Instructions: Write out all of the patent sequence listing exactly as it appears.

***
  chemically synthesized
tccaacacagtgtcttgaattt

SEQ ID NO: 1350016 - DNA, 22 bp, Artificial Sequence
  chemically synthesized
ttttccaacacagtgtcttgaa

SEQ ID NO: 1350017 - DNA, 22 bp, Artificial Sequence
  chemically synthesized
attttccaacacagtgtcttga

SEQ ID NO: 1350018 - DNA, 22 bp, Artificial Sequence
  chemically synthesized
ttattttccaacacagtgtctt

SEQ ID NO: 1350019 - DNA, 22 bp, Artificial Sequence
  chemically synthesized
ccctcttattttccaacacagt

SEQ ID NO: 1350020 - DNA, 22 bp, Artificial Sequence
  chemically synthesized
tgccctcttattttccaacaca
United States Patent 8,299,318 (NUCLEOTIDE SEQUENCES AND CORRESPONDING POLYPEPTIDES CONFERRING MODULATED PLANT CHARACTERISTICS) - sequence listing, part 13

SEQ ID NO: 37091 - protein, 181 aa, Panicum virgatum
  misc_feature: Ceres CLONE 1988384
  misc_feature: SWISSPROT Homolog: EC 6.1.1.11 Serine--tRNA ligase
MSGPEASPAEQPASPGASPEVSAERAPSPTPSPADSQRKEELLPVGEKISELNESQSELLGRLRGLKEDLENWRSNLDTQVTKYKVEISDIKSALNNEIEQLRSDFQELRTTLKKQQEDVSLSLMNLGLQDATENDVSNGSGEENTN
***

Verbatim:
  chemically synthesized
tccaacacagtgtcttgaattt

SEQ ID NO: 1350016 - DNA, 22 bp, Artificial Sequence
  chemically synthesized
ttttccaacacagtgtcttgaa

SEQ ID NO: 1350017 - DNA, 22 bp, Artificial Sequence
  chemically synthesized
attttccaacacagtgtcttga

SEQ ID NO: 1350018 - DNA, 22 bp, Artificial Sequence
  chemically synthesized
ttattttccaacacagtgtctt

SEQ ID NO: 1350019 - DNA, 22 bp, Artificial Sequence
  chemically synthesized
ccctcttattttccaacacagt

SEQ ID NO: 1350020 - DNA, 22 bp, Artificial Sequence
  chemically synthesized
tgccctcttattttccaacaca
United States Patent 8,299,318 (NUCLEOTIDE SEQUENCES AND CORRESPONDING POLYPEPTIDES CONFERRING MODULATED PLANT CHARACTERISTICS) - sequence listing, part 13

SEQ ID NO: 37091 - protein, 181 aa, Panicum virgatum
  misc_feature: Ceres CLONE 1988384
  misc_feature: SWISSPROT Homolog: EC 6.1.1.11 Serine--tRNA ligase
MSGPEASPAEQPASPGASPEVSAERAPSPTPSPADSQRKEELLPVGEKISELNESQSELLGRLRGLKEDLENWRSNLDTQVTKYKVEISDIKSALNNEIEQLRSDFQELRTTLKKQQEDVSLSLMNLGLQDATENDVSNGSGEENTN